Sep 12 2009
Fruit of the vine, makes me feel fine … so take a tour and sip chardonnay to dandelion wine.
California, home to about 2,700 of the nation’s 5,900 wineries, easily dominates U.S. wine production, but Wisconsin quietly is widening its own product lines, tours and events for wine lovers. Autumn is a prime time to visit, because of fall color changes and new fruit harvests.
Membership in the Wisconsin Winery Association has doubled in the past five years, thanks to the improvement of cold climate grapes and heightened consumer interest in wine. The 34 members represent more than 90 percent of state’s wineries, says Susan Rees, the association’s executive director.
Other indications of growth: establishment of the Wisconsin Grape Growers Association two years ago, and increased offerings at the Wine Pavilion during the Wisconsin State Fair.
“Wine has become much more of a sophisticated product” here and elsewhere, Susan observes, and much of the variety is the result of vintners buying grapes and juices from other states – or countries – to supplement or enhance what is done with fruits grown locally.
“So now we have good cabernets and chardonnays in addition to our longtime specialty, regional wines,” she says. It is like this throughout the U.S.: Wine is produced in all 50 states, and our nation ranks as the world’s fourth largest wine producing country (behind Italy, France and Spain).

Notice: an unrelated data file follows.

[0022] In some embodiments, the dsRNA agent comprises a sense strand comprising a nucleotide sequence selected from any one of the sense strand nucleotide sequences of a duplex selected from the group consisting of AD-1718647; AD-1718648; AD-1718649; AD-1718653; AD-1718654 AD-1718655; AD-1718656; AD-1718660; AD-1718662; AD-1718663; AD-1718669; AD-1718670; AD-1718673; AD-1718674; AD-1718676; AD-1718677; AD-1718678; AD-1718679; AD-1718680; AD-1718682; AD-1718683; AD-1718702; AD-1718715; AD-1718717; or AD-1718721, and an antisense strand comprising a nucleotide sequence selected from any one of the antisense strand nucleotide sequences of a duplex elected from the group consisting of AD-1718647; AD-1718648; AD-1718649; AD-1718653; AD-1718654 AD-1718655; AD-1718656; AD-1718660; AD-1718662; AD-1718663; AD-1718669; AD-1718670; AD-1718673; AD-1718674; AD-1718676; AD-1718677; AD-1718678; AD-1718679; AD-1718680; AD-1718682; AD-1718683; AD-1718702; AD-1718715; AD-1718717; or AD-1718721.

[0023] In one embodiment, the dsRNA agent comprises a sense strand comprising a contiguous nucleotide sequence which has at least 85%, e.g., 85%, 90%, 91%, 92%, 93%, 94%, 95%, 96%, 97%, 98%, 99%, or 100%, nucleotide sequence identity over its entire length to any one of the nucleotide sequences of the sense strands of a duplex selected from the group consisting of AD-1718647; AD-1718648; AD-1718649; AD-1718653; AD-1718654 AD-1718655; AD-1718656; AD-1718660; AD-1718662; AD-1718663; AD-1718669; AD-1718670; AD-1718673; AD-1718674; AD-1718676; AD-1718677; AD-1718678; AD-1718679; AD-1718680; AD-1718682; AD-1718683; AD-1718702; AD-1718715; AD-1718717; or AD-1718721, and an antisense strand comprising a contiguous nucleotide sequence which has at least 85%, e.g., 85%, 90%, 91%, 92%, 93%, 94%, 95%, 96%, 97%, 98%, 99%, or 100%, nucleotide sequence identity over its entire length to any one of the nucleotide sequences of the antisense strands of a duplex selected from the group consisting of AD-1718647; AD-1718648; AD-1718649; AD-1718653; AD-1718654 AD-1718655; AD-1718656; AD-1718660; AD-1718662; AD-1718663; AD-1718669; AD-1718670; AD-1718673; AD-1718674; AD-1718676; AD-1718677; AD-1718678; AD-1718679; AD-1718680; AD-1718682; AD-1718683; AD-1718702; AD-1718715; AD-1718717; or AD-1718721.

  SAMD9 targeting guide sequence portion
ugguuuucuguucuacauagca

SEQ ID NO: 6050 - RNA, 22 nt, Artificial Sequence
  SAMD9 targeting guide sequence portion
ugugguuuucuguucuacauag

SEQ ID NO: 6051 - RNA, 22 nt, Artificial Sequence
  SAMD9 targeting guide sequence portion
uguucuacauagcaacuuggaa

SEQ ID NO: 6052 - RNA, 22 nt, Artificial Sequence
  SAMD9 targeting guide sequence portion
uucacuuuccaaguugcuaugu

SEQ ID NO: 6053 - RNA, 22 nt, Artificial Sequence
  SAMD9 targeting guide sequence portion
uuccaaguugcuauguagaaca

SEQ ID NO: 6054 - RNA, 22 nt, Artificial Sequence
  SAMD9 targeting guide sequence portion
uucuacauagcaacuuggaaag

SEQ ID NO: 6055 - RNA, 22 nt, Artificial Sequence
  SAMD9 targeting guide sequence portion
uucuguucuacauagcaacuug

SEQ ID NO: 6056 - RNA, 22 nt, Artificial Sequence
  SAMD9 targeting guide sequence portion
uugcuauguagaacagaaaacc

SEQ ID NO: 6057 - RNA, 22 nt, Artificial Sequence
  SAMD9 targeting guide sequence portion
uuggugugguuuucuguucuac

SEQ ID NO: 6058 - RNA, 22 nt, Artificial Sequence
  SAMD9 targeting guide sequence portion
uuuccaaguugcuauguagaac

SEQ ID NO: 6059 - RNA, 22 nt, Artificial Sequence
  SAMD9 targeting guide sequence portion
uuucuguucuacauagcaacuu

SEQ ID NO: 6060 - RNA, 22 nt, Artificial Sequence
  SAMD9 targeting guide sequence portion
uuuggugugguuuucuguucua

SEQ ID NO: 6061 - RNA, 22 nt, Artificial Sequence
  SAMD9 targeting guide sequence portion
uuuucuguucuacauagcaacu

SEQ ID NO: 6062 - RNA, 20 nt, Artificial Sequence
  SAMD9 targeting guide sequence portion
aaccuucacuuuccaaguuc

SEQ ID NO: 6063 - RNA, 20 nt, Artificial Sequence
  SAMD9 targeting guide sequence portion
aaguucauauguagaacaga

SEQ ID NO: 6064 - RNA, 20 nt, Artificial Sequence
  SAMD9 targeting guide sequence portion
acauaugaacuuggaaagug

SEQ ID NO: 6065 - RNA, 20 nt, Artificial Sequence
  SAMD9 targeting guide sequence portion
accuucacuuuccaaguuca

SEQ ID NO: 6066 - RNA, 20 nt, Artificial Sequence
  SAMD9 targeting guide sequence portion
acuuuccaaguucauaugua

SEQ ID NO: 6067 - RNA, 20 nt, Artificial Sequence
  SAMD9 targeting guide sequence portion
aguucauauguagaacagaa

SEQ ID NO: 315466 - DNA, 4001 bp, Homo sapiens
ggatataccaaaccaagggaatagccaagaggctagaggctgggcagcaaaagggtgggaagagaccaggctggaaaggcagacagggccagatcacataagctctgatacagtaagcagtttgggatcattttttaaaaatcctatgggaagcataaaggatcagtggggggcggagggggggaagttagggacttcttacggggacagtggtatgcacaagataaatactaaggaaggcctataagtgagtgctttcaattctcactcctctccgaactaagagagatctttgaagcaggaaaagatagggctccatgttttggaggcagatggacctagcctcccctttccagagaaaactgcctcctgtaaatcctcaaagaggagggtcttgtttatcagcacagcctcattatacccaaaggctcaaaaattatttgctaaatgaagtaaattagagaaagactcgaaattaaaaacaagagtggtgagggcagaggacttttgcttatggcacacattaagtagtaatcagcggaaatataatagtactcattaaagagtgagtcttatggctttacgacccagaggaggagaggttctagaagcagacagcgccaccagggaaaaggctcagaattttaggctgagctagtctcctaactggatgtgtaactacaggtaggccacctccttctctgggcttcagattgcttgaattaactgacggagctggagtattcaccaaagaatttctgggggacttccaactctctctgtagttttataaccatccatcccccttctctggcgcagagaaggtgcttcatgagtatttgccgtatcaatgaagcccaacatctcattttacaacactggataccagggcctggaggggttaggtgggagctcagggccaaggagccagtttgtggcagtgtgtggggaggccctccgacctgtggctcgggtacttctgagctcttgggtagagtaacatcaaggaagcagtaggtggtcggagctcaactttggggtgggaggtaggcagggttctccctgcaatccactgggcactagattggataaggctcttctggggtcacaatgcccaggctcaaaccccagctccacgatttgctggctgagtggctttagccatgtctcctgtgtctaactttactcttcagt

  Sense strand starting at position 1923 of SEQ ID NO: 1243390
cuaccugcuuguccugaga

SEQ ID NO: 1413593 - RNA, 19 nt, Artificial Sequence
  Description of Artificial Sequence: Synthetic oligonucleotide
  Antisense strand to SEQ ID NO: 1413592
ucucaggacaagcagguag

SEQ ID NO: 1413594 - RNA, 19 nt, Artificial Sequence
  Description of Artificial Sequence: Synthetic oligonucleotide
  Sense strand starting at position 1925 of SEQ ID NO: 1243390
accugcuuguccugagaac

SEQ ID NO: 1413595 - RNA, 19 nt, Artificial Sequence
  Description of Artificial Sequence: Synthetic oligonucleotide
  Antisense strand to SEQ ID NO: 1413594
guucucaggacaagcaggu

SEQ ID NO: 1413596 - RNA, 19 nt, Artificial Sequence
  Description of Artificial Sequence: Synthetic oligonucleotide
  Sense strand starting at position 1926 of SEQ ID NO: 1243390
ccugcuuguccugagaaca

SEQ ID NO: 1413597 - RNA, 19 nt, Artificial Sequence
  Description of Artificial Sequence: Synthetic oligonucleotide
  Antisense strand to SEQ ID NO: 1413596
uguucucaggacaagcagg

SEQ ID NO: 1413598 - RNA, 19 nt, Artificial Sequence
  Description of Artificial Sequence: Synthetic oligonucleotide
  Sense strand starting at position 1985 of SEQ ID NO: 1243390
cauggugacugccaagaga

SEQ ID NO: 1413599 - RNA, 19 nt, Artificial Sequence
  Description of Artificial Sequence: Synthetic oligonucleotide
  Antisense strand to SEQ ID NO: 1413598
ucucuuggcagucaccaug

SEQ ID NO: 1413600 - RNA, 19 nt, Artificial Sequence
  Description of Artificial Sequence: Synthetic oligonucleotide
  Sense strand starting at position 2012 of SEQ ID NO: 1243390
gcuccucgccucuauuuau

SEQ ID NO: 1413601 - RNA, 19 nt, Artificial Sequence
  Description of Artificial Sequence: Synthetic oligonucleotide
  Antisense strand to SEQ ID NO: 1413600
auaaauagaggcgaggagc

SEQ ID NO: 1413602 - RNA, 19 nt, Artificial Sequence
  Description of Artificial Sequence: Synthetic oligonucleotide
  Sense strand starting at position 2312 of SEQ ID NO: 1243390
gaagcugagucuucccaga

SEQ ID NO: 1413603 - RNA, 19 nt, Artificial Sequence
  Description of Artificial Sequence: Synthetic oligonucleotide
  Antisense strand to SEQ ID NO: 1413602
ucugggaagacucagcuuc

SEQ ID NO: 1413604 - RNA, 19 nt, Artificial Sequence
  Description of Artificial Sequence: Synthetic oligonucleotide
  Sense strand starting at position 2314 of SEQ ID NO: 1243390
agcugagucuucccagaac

For Vernon Vineyards, near Viroqua, the advent of tasty cold-climate grapes made it possible to successfully transform 68 acres of a former tobacco farm. The winery opened in 2006; tours and tastings occur Friday to Sunday.
Even newer is Bauer-Kearns Winery, near Platteville, not yet a winery association member. Ted and Helen Kearns operate their business on high ground where visitors – on a clear day – see parts of three states.
At the opposite extreme, regarding longevity: Wollersheim Winery this year celebrates the 20th year of producing Prairie Fume, one of Wisconsin’s most acclaimed and popular wines (having earned gold medals in five international competitions). Prairie du Sac vintners Philippe and Julie Coquard release a new ice wine Oct. 14, and the annual ruby nouveau tasting is Nov. 21.
Vineyards were planted on Wollersheim property in 1840, making it one of the nation’s oldest winery estates.
On the National Register of Historic Places is Von Stiehl Winery in downtown Algoma, whose limestone caverns and headquarters were constructed as a brewery five years after the Civil War. Stomp grapes and taste wine at the annual Wet Whistle Wine Fest, Sept. 19-20.
In Door County, a part of doing business is about adding a personal touch. One example: Lautenbach’s Orchard Country Winery has named products after the owner’s grandchildren, and wine labels include baby pictures.
Who is the king of both wine and cheese in Wisconsin? You could make a strong case for Troy Landwehr of Kerrigan Brothers Winery, near Kaukauna.